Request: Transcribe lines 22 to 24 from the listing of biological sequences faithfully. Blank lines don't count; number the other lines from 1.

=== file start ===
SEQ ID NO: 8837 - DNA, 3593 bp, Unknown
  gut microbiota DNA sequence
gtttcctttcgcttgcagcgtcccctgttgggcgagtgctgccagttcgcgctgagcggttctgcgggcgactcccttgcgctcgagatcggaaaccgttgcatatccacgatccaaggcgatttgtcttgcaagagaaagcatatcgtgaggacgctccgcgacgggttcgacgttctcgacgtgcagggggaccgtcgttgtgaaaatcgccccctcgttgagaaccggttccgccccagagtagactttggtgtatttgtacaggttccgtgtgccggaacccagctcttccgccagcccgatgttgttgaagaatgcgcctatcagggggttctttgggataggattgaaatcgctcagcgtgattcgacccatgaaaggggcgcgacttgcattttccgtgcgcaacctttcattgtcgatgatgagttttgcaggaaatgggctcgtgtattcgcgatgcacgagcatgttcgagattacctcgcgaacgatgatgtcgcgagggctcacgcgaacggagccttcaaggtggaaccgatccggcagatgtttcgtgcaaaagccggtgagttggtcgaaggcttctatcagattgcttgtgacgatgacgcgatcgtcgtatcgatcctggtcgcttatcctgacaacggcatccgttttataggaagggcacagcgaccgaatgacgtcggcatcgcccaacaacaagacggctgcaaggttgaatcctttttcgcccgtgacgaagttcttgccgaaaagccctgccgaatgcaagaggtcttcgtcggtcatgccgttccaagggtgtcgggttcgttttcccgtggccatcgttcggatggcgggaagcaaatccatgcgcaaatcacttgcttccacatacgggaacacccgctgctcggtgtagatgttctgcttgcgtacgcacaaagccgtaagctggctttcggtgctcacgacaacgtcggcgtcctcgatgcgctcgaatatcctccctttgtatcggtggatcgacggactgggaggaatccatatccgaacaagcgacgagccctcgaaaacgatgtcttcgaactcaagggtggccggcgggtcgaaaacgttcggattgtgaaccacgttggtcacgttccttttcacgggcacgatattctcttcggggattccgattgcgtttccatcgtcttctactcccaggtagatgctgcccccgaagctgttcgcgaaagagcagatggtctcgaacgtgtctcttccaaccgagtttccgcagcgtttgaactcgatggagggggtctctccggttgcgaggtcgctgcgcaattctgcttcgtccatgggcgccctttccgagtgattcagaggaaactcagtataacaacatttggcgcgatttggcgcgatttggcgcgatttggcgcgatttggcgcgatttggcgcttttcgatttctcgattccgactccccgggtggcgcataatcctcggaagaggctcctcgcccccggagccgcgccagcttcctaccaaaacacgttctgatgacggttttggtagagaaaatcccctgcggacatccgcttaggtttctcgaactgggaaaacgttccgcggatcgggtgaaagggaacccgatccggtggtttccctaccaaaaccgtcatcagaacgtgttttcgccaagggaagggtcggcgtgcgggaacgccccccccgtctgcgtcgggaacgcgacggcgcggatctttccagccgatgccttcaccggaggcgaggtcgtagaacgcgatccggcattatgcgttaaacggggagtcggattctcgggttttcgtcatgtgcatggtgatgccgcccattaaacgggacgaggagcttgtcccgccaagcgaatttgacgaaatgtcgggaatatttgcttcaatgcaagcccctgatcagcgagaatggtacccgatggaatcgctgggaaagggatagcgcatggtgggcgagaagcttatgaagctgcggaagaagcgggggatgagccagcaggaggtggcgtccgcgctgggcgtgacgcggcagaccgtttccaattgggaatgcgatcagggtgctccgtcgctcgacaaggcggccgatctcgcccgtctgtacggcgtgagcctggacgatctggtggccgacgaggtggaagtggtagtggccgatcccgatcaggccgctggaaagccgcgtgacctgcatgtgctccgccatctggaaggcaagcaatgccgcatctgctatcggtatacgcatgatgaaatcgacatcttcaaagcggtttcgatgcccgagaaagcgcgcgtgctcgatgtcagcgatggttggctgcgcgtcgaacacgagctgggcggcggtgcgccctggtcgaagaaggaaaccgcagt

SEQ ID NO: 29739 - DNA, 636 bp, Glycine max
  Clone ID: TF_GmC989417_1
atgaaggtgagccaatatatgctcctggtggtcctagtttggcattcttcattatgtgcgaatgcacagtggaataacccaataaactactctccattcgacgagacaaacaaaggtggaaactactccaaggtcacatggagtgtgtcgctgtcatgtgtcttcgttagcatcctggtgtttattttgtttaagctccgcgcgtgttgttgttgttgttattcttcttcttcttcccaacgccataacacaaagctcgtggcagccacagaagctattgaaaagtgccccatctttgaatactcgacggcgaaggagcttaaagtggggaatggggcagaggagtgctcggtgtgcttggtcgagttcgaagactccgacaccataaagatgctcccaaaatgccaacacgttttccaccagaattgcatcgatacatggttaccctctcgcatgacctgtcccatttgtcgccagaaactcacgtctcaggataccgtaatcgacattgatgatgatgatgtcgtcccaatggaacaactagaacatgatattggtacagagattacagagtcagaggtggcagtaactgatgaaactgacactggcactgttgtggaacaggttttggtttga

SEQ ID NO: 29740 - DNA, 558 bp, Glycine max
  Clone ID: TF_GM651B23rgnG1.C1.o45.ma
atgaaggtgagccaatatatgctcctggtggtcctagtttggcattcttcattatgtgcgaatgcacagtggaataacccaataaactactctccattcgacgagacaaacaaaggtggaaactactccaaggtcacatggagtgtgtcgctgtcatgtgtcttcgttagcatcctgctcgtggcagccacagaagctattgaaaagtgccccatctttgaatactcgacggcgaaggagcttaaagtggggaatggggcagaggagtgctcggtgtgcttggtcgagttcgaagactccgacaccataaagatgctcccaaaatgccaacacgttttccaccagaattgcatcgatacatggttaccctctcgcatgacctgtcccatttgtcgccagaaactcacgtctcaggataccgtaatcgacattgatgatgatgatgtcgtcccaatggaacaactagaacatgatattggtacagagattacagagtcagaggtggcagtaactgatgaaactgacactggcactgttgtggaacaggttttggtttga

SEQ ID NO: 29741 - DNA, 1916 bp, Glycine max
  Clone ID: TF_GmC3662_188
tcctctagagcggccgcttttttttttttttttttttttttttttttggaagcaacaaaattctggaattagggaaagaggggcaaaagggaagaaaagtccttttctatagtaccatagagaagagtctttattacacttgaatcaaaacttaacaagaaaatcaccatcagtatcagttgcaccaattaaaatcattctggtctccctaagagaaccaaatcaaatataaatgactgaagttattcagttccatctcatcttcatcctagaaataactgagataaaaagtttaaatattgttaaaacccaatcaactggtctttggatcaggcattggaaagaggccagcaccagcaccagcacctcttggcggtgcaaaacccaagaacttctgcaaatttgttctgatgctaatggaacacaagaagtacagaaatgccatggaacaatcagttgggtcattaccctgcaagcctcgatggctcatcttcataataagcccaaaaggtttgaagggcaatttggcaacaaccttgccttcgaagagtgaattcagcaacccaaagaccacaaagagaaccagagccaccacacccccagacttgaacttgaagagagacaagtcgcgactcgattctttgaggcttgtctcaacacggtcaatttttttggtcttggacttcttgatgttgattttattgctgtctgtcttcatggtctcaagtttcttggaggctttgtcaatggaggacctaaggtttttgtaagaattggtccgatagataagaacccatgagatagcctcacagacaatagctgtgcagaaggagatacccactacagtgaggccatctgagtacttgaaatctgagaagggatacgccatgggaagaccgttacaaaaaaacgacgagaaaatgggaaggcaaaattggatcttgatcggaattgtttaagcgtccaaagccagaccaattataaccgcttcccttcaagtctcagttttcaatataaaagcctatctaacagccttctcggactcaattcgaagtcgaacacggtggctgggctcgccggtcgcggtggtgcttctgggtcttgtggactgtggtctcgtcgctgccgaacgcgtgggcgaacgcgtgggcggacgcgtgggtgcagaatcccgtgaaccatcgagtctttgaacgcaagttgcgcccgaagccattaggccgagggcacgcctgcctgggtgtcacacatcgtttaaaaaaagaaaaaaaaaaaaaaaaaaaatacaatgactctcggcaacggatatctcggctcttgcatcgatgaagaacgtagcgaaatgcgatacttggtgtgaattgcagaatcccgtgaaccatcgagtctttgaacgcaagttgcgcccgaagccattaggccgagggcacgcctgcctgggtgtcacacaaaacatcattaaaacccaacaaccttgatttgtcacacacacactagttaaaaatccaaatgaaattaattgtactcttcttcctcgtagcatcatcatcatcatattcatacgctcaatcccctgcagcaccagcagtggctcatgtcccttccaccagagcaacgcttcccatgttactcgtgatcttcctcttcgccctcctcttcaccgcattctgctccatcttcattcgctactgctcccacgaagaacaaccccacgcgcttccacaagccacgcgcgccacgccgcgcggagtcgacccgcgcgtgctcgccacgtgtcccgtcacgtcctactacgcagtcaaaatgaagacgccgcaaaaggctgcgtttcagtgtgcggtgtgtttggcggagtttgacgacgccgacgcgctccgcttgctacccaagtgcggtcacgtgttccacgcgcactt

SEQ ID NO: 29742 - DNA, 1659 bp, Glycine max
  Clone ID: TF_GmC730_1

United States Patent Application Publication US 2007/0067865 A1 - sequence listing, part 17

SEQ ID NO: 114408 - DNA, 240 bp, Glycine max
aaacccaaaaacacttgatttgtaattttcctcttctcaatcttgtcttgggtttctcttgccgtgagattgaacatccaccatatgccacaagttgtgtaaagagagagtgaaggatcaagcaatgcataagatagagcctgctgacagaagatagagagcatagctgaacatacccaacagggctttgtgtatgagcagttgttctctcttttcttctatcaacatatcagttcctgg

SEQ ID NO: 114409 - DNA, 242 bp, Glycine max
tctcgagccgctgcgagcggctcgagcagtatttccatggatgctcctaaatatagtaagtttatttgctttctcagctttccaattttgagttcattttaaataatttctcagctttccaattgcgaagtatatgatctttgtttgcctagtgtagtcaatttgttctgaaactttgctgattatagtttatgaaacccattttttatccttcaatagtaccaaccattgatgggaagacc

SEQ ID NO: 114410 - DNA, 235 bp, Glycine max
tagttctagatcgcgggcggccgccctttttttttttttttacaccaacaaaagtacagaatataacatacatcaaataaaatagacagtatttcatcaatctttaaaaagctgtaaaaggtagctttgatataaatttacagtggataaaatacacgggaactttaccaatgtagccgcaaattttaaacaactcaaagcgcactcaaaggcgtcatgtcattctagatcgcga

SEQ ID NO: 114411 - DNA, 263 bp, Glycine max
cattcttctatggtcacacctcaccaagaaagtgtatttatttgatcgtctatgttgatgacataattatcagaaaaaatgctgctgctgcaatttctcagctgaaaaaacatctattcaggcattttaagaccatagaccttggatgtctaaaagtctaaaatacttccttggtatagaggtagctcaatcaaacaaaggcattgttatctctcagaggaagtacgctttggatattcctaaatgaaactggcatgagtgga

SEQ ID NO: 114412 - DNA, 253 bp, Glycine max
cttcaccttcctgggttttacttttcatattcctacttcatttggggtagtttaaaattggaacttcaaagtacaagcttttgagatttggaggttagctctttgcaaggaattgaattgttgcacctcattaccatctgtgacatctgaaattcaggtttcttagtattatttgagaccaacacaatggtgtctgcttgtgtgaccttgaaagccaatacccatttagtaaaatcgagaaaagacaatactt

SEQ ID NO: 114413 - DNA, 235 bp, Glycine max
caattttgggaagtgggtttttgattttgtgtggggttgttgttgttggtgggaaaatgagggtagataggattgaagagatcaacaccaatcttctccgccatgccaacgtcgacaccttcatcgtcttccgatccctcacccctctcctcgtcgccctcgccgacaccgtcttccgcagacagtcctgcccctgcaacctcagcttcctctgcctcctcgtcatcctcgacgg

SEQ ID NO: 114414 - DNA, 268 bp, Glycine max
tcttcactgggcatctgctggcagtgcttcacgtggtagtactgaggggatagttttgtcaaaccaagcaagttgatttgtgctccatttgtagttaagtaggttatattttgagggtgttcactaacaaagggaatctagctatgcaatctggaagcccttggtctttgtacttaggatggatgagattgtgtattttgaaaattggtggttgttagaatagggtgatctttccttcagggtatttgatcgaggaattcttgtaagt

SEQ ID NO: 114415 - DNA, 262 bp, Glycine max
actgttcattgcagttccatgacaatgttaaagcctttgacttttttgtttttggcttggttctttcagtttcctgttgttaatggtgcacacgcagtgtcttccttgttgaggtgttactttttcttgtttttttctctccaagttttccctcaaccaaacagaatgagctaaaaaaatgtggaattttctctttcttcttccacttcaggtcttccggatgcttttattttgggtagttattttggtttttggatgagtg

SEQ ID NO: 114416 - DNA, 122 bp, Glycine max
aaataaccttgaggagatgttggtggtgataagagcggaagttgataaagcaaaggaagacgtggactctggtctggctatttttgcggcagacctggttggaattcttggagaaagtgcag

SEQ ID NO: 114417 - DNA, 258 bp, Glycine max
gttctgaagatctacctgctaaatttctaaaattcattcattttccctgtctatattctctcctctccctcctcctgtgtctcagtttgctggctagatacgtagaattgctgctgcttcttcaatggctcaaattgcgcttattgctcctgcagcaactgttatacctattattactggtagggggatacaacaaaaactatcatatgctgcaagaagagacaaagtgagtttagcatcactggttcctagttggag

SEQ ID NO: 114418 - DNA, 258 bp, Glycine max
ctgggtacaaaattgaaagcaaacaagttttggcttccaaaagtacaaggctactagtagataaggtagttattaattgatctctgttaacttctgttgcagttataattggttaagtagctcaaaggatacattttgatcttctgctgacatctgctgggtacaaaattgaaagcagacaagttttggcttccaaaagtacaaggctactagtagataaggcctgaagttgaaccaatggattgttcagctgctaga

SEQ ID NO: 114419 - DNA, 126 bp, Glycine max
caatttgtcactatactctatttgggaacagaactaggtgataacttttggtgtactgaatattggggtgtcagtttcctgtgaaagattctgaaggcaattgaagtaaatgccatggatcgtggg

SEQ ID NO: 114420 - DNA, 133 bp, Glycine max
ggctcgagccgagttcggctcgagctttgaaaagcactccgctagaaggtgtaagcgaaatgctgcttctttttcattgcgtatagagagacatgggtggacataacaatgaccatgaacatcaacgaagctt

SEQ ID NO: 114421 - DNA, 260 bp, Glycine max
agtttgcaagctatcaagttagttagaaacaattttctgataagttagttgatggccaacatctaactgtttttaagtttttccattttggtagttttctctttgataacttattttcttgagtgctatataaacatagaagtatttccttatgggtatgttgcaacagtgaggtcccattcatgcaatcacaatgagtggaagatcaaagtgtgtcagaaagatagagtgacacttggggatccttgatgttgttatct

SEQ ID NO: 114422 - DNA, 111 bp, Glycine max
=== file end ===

SEQ ID NO: 114411 - DNA, 263 bp, Glycine max
cattcttctatggtcacacctcaccaagaaagtgtatttatttgatcgtctatgttgatgacataattatcagaaaaaatgctgctgctgcaatttctcagctgaaaaaacatctattcaggcattttaagaccatagaccttggatgtctaaaagtctaaaatacttccttggtatagaggtagctcaatcaaacaaaggcattgttatctctcagaggaagtacgctttggatattcctaaatgaaactggcatgagtgga

SEQ ID NO: 114412 - DNA, 253 bp, Glycine max